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Cuticle thickening in a pyrethroid-resistant strain of the common bed bug, study

15 April, 2016
Thick-skinned bed bugs outgunning humans in chemical arms race. By Marcus Strom. smh.com.au. April 14, 2016. There is an arms race between bed bugs and humans, and the bugs are winning. The blood-feeding insects are evolving to survive the chemical warfare we have launched in an attempt to keep our nights bite free. David Lilly at the University of Sydney has found that the outer shells, or cuticles, of these bugs are getting thicker. And bed bugs with thicker shells are highly resistant to the insecticides used to control them. "Bed bugs are well ahead of the curve when it comes to an arms race between us and them," Mr Lilly told the Herald. "Bed bugs have become very well adapted to many of the control efforts we throw at them."
Cuticle thickening in a pyrethroid-resistant strain of the common bed bug, study
Bed bug infestation.Bed bug infestation. Photo: University of SydneyOne way they do this is "metabolic detoxification", where the bugs use enzymes to break down the insecticides."When you have both metabolic detoxification and cuticle thickening there is a synergistic response – you get this two plus two equals five factor," Mr Lilly said. In this scenario, the cuticle slows the insecticide down giving the enzymes more time to act.Westmead Hospital entomologist, Stephen Doggett.Westmead Hospital entomologist, Stephen Doggett. Photo: Wolter Peeters

Out of a sample of hundreds of bugs found in a Parramatta home in 2012, Mr Lilly and his team found that 18 per cent were highly resistant to a pyrethroid-based chemical common in treating bed bugs.This meant that after continual forced exposure to the chemical, they were unaffected more than 24 hours later."It was in this group that we found the thickest cuticle," Mr Lilly said.Common bed bug under an electron microscope. This specimen of Cimex lectularis was found in a Parramatta home.Common bed bug under an electron microscope. This specimen of Cimex lectularis was found in a Parramatta home. Photo: University of Sydney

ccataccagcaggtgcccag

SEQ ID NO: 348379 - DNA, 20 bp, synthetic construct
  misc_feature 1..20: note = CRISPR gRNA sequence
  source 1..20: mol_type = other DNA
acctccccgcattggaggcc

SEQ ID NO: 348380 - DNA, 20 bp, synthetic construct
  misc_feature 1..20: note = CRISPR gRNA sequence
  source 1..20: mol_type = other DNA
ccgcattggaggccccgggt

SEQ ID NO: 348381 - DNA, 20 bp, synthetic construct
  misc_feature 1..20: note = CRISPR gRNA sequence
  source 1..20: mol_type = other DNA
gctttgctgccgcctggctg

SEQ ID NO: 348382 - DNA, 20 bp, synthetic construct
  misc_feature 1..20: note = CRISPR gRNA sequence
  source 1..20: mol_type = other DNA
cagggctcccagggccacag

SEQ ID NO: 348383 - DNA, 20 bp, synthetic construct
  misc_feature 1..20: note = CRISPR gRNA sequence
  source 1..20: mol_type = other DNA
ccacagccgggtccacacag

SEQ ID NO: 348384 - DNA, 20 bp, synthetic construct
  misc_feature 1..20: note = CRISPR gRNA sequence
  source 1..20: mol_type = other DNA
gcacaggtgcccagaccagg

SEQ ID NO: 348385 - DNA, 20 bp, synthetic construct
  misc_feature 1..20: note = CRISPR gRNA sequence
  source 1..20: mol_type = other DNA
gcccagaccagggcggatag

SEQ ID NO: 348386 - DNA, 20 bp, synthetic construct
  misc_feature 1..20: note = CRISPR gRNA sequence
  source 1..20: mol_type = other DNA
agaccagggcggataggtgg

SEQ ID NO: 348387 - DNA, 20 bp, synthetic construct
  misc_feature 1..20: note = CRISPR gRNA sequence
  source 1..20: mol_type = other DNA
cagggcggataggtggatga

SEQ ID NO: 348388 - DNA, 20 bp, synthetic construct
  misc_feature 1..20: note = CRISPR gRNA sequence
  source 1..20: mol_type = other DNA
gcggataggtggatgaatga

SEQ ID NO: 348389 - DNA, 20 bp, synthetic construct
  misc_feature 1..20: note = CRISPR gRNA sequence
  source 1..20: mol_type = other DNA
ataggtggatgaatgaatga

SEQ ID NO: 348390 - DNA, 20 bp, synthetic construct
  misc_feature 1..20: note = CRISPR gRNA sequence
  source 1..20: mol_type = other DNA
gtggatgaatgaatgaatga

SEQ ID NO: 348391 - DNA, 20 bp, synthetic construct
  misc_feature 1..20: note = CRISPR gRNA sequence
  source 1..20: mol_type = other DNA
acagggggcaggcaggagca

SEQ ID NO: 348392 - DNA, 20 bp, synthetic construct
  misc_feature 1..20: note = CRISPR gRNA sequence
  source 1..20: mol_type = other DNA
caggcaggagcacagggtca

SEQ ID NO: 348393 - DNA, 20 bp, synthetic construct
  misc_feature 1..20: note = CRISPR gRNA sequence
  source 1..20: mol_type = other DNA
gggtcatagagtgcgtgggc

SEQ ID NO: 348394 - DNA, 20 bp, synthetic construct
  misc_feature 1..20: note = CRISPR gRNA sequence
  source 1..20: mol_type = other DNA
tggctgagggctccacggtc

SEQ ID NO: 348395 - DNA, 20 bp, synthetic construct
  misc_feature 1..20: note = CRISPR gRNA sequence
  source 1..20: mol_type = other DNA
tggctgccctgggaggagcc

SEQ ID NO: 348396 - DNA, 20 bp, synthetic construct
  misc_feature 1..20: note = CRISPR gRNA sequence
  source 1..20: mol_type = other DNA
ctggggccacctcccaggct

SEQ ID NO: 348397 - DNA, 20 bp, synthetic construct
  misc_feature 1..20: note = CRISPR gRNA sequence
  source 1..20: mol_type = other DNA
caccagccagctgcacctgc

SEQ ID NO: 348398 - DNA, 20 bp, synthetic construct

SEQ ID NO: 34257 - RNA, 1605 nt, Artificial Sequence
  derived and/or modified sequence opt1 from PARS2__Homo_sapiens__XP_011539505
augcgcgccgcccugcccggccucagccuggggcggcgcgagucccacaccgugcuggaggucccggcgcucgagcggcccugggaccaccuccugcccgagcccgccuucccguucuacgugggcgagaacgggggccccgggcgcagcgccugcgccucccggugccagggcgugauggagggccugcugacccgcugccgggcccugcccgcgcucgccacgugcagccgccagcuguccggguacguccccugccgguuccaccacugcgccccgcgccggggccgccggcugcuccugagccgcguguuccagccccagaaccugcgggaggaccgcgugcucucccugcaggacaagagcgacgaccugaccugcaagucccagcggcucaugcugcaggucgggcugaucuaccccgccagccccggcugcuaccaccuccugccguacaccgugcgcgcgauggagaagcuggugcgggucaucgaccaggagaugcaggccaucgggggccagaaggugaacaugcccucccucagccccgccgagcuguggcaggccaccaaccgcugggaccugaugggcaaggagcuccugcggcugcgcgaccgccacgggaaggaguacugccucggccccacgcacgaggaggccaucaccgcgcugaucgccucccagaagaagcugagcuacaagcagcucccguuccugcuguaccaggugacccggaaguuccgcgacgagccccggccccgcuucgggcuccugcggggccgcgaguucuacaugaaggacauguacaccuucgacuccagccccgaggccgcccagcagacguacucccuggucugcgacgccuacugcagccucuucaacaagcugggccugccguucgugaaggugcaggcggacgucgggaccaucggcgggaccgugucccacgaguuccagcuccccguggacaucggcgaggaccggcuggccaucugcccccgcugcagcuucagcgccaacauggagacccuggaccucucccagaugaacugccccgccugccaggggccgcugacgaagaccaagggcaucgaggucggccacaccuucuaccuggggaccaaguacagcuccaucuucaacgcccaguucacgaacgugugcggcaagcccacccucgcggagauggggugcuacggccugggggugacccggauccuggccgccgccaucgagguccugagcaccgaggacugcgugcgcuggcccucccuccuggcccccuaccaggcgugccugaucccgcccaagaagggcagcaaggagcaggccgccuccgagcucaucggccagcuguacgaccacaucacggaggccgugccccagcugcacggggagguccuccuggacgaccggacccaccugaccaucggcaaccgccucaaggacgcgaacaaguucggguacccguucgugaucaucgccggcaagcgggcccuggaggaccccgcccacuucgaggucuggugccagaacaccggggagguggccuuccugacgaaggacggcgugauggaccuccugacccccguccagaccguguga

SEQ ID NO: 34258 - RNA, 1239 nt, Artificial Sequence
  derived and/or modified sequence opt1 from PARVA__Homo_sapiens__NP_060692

These resistant bugs had an outer layer that was 15.3 per cent thicker than the susceptible bugs, which were knocked out by the chemicals after two hours.
The study, published today in PLOS One, said this shows that "insecticide resistance is a genetic change … and is considered to be a natural evolutionary response to human-induced environmental stress".Co-author Stephen Doggert, a medical entomologist at Westmead Hospital and the University of Sydney, said: "There is no doubt that the evolutionary adaption times for this species is short." Cross section of a leg of a common bed bug under an electron microscope, showing thickness of cuticle.Cross section of a leg of a common bed bug under an electron microscope, showing thickness of cuticle. Photo: University of Sydney

Mr Lilly said that occurrence of bed bugs is still fairly low, though it’s been a growing problem in Australia and overseas over the past 15 to 20 years.The last time bed bug infestations in NSW had been calculated, in 2006, Mr Doggert said there had been an incredible 5000 per cent increase since 1999, albeit from a low base.Mr Lilly said that infestations seemed to be equally spread in homes and hotels.Lead author David Lilly, PhD candidate.Lead author David Lilly, PhD candidate.
"But you can also find them on public transport or in cinemas where people sit for a long time," Mr Lilly said.One Sydney pest control company contacted by the Herald, Attack Pest Control, said they get calls every day to treat bed bug infestations.A spokesman for the company said that up to 60 per cent of their business was for treating bed bugs. "Over the past four years our calls have doubled," the spokesman said. Life cycle of the bed bug.Life cycle of the bed bug.
Simon Lean is the national technical manager at Rentokil, a national pest control company. He said "frankly, we aren’t run off our feet" with calls for bed bug treatments. Mr Lean said they might be more concentrated in hotels or with travellers as "bed bugs are the world’s best hitchhikers".In efforts to control the bugs, new chemicals have been developed, such as the neonicotinoids. However, Mr Lilly said recent research in the US is already showing bed bugs developing resistance to this family of chemicals."Now that we know the ways they resist control methodologies, we can be a little bit smarter," Mr Lilly said.This can involve non-chemical controls, he said, such as vacuuming before treatment or applying desiccant dust that dry out the bugs, killing them.Heat treatments in furniture can also be used. Bed bugs at all life stages die at temperatures above 45 degrees.If you are infested, there is no shame. Mr Lilly said that bed bugs are not hygiene-related pests."It doesn’t matter whether you have a run-down property or you maintain the most pristine home, you are at the same risk of picking up bed bugs," he said.Mr Lily said the Australian Environmental Pest Managers Association was a good resource for finding a pest controller.You can read more about bed bugs at the university’s  department of medical entomology bed bug website.
_____________________________________________________________________________________________________Journal referenceDavid G. Lilly, Sharissa L. Latham, Cameron E. Webb, Stephen L. Doggett. Cuticle Thickening in a Pyrethroid-Resistant Strain of the Common Bed Bug, Cimex lectularius L. (Hemiptera: Cimicidae)Published in Plos ONE: April 13, 2016http://dx.doi.org/10.1371/journal.pone.0153302

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